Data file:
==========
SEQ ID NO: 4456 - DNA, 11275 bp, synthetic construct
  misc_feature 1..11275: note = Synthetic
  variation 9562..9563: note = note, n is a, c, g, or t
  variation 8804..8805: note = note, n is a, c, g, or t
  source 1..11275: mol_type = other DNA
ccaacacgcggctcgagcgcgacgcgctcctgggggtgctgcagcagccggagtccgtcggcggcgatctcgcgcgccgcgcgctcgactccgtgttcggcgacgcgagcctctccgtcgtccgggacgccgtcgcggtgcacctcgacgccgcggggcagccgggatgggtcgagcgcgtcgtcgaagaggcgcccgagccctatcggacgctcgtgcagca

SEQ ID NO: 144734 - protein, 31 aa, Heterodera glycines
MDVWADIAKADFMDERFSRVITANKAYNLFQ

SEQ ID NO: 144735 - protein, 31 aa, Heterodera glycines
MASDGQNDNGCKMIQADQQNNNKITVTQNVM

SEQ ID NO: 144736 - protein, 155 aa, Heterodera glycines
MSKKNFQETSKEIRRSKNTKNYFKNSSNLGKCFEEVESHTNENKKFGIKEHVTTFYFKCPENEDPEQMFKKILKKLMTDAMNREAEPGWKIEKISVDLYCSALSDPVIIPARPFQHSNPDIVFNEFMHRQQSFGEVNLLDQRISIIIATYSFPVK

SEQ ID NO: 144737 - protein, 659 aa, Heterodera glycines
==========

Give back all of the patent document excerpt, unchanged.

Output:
SEQ ID NO: 4456 - DNA, 11275 bp, synthetic construct
  misc_feature 1..11275: note = Synthetic
  variation 9562..9563: note = note, n is a, c, g, or t
  variation 8804..8805: note = note, n is a, c, g, or t
  source 1..11275: mol_type = other DNA
ccaacacgcggctcgagcgcgacgcgctcctgggggtgctgcagcagccggagtccgtcggcggcgatctcgcgcgccgcgcgctcgactccgtgttcggcgacgcgagcctctccgtcgtccgggacgccgtcgcggtgcacctcgacgccgcggggcagccgggatgggtcgagcgcgtcgtcgaagaggcgcccgagccctatcggacgctcgtgcagca

SEQ ID NO: 144734 - protein, 31 aa, Heterodera glycines
MDVWADIAKADFMDERFSRVITANKAYNLFQ

SEQ ID NO: 144735 - protein, 31 aa, Heterodera glycines
MASDGQNDNGCKMIQADQQNNNKITVTQNVM

SEQ ID NO: 144736 - protein, 155 aa, Heterodera glycines
MSKKNFQETSKEIRRSKNTKNYFKNSSNLGKCFEEVESHTNENKKFGIKEHVTTFYFKCPENEDPEQMFKKILKKLMTDAMNREAEPGWKIEKISVDLYCSALSDPVIIPARPFQHSNPDIVFNEFMHRQQSFGEVNLLDQRISIIIATYSFPVK

SEQ ID NO: 144737 - protein, 659 aa, Heterodera glycines